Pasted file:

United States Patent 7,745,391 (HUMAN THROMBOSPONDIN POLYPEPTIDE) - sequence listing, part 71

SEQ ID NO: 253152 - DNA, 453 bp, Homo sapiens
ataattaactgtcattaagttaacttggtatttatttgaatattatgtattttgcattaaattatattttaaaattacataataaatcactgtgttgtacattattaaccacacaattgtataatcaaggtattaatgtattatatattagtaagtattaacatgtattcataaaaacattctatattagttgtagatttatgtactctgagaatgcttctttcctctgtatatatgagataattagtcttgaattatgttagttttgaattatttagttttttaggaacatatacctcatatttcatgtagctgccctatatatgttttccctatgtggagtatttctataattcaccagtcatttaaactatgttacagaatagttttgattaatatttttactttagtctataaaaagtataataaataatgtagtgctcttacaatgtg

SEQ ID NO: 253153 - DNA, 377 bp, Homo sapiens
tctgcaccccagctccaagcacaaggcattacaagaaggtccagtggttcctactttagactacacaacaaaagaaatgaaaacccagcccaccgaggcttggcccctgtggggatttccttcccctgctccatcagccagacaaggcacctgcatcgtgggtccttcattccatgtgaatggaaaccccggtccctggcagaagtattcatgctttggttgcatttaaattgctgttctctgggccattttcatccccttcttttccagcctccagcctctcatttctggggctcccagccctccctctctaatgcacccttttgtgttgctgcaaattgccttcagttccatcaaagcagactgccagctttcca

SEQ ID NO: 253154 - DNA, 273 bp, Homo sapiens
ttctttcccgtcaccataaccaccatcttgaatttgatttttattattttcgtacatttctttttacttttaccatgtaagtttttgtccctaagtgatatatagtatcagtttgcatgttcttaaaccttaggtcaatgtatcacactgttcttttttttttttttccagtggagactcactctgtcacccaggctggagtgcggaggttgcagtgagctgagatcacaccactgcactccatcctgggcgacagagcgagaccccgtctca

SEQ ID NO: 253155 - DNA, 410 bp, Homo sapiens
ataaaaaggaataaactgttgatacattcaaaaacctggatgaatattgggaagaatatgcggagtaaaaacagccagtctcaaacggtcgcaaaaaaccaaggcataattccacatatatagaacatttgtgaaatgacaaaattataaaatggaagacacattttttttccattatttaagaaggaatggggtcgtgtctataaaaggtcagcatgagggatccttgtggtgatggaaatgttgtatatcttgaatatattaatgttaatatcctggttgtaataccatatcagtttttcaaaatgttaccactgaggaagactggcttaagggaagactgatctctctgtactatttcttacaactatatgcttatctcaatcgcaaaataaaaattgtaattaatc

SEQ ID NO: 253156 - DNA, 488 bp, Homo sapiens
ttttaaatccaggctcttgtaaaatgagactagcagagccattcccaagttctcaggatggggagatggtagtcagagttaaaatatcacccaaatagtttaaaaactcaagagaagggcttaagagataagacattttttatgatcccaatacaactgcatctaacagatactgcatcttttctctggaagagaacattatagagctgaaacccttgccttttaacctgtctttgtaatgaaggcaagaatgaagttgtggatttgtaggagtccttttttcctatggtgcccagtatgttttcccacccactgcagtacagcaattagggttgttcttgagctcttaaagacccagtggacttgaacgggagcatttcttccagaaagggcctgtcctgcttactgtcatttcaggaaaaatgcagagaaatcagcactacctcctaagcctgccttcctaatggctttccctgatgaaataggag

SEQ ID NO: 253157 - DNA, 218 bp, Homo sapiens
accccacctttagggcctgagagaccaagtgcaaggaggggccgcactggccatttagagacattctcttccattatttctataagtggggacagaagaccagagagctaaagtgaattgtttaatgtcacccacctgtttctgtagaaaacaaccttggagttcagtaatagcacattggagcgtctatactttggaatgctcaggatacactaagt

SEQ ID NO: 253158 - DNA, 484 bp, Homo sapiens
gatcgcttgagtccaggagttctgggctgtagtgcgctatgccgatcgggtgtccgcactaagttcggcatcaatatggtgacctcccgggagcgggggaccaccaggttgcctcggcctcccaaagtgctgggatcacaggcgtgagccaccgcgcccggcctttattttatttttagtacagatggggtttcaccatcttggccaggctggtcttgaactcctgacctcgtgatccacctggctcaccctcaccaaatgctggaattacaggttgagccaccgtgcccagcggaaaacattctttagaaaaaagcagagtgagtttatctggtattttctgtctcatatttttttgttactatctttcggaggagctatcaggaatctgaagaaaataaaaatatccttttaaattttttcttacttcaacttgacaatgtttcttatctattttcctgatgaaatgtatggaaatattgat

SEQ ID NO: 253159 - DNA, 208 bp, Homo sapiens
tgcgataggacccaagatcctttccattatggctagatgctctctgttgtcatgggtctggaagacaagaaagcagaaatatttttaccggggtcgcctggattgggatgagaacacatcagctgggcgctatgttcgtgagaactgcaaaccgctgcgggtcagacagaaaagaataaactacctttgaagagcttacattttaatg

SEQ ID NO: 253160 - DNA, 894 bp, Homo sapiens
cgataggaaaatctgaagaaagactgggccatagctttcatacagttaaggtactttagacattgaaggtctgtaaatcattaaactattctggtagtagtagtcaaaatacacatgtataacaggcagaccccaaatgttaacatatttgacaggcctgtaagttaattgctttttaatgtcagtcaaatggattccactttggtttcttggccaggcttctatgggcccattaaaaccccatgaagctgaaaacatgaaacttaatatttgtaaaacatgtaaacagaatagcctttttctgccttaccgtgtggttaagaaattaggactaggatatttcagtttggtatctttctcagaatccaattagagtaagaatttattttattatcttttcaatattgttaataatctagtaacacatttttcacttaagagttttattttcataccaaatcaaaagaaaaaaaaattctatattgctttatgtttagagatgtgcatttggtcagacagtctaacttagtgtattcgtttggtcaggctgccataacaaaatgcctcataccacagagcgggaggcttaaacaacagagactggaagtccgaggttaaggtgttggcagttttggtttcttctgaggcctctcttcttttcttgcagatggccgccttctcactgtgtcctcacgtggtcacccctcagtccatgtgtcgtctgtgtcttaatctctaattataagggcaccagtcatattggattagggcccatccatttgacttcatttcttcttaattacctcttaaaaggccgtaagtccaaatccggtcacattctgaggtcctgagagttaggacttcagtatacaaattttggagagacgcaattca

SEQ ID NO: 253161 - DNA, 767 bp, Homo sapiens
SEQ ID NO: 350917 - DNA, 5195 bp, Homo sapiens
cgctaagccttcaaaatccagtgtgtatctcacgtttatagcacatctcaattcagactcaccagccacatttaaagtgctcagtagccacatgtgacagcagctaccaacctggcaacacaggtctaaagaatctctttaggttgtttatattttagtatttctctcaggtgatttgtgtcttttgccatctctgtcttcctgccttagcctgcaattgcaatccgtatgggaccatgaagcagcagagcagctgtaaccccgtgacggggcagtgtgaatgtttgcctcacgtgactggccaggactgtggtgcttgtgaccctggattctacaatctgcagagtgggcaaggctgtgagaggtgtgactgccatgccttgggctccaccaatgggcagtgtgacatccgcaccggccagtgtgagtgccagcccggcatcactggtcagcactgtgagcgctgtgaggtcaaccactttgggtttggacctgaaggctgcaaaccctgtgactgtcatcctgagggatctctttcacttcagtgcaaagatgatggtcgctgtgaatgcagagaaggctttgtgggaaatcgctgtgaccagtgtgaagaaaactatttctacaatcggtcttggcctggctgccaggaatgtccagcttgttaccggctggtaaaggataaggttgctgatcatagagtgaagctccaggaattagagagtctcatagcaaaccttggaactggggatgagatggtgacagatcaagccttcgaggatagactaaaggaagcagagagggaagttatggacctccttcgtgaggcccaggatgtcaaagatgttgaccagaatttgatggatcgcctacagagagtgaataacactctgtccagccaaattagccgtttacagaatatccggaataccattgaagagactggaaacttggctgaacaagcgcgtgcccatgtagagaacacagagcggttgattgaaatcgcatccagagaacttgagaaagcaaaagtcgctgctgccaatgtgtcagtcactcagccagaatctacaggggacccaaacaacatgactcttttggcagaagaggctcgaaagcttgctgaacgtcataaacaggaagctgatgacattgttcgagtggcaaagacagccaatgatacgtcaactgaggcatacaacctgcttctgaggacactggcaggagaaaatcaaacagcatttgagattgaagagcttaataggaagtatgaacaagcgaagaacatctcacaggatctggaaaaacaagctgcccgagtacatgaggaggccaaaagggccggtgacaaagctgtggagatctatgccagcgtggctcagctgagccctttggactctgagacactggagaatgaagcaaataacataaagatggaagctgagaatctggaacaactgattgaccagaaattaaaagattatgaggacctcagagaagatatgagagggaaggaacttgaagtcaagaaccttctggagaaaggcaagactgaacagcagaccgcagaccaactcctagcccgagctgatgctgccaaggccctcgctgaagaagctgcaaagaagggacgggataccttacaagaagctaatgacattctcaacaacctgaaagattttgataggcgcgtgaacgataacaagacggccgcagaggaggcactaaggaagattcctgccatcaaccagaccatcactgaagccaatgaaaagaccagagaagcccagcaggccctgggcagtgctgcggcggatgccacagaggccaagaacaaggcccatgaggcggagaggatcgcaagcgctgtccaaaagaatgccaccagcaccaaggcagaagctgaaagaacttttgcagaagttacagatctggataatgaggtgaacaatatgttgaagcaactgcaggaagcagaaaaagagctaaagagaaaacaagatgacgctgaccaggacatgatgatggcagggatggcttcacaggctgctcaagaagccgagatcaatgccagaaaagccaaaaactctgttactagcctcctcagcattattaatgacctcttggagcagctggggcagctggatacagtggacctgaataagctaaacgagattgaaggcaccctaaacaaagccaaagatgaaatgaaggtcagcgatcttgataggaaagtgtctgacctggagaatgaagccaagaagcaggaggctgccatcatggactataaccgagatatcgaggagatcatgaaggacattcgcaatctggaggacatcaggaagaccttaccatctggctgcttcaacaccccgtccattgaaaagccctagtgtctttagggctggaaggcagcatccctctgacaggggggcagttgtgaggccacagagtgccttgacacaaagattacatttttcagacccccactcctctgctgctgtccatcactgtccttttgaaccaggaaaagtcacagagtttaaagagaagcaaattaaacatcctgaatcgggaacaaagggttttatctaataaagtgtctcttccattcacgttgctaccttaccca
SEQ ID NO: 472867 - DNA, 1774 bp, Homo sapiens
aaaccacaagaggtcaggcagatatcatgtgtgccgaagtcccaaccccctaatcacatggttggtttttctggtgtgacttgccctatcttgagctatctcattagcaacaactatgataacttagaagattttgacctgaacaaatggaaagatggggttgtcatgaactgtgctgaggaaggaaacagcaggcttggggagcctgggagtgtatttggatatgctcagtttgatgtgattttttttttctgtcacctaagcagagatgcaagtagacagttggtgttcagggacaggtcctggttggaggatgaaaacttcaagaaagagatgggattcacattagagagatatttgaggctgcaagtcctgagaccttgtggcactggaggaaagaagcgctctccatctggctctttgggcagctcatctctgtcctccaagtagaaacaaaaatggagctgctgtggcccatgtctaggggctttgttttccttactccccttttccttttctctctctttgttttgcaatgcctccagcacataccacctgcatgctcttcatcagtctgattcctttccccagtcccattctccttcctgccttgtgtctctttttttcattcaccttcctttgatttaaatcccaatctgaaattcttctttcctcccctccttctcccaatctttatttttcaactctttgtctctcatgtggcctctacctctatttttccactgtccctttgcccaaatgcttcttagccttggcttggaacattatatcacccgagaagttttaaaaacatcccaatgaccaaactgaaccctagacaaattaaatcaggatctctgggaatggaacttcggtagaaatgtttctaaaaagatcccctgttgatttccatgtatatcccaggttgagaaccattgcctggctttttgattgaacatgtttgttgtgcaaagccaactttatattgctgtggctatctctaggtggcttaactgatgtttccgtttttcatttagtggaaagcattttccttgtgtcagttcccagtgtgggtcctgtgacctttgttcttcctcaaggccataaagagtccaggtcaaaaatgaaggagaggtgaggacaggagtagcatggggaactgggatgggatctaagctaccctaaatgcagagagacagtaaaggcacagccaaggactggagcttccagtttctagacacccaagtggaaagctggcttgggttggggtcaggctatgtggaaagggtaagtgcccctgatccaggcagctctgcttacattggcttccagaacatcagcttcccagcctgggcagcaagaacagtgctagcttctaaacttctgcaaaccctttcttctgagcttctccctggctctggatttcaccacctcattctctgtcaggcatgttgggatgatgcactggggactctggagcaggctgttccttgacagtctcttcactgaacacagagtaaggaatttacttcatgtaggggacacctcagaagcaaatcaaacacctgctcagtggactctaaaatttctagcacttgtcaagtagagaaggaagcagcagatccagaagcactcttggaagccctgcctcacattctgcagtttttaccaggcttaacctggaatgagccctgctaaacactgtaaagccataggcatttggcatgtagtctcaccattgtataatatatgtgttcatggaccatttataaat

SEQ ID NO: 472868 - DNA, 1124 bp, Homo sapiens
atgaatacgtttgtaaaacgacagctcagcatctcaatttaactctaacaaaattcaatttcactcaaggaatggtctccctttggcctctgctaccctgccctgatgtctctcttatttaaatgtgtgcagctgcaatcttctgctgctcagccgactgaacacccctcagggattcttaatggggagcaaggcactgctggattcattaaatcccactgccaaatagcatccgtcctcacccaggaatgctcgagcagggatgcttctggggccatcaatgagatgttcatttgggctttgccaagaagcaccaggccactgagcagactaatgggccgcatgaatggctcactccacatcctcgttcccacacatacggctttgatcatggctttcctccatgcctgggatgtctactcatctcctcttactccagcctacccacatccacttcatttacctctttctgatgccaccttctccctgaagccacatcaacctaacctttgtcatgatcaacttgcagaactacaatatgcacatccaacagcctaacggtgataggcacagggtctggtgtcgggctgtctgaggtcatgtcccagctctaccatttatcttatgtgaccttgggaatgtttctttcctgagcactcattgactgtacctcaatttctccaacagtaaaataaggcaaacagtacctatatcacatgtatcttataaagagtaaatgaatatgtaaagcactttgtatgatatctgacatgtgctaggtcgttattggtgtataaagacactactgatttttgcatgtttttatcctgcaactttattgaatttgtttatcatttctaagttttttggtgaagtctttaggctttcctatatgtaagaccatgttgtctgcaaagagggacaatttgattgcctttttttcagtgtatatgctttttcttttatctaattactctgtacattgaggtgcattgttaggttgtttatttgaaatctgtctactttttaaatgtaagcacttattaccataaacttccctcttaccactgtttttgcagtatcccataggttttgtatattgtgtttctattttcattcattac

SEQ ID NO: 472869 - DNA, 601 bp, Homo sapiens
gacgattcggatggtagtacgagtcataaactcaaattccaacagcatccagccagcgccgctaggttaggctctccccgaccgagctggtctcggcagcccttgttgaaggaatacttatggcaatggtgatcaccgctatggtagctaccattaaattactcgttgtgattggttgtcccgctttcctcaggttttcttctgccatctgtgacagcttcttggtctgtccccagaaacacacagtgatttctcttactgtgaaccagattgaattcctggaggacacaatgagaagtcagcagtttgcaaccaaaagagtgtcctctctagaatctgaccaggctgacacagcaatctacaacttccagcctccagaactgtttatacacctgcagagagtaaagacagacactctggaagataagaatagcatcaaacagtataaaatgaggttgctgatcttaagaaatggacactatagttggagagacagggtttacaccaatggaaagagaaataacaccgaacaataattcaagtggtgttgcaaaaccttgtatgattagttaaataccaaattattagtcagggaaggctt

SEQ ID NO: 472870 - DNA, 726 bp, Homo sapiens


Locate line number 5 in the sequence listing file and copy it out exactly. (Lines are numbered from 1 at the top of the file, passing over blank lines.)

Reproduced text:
tctgcaccccagctccaagcacaaggcattacaagaaggtccagtggttcctactttagactacacaacaaaagaaatgaaaacccagcccaccgaggcttggcccctgtggggatttccttcccctgctccatcagccagacaaggcacctgcatcgtgggtccttcattccatgtgaatggaaaccccggtccctggcagaagtattcatgctttggttgcatttaaattgctgttctctgggccattttcatccccttcttttccagcctccagcctctcatttctggggctcccagccctccctctctaatgcacccttttgtgttgctgcaaattgccttcagttccatcaaagcagactgccagctttcca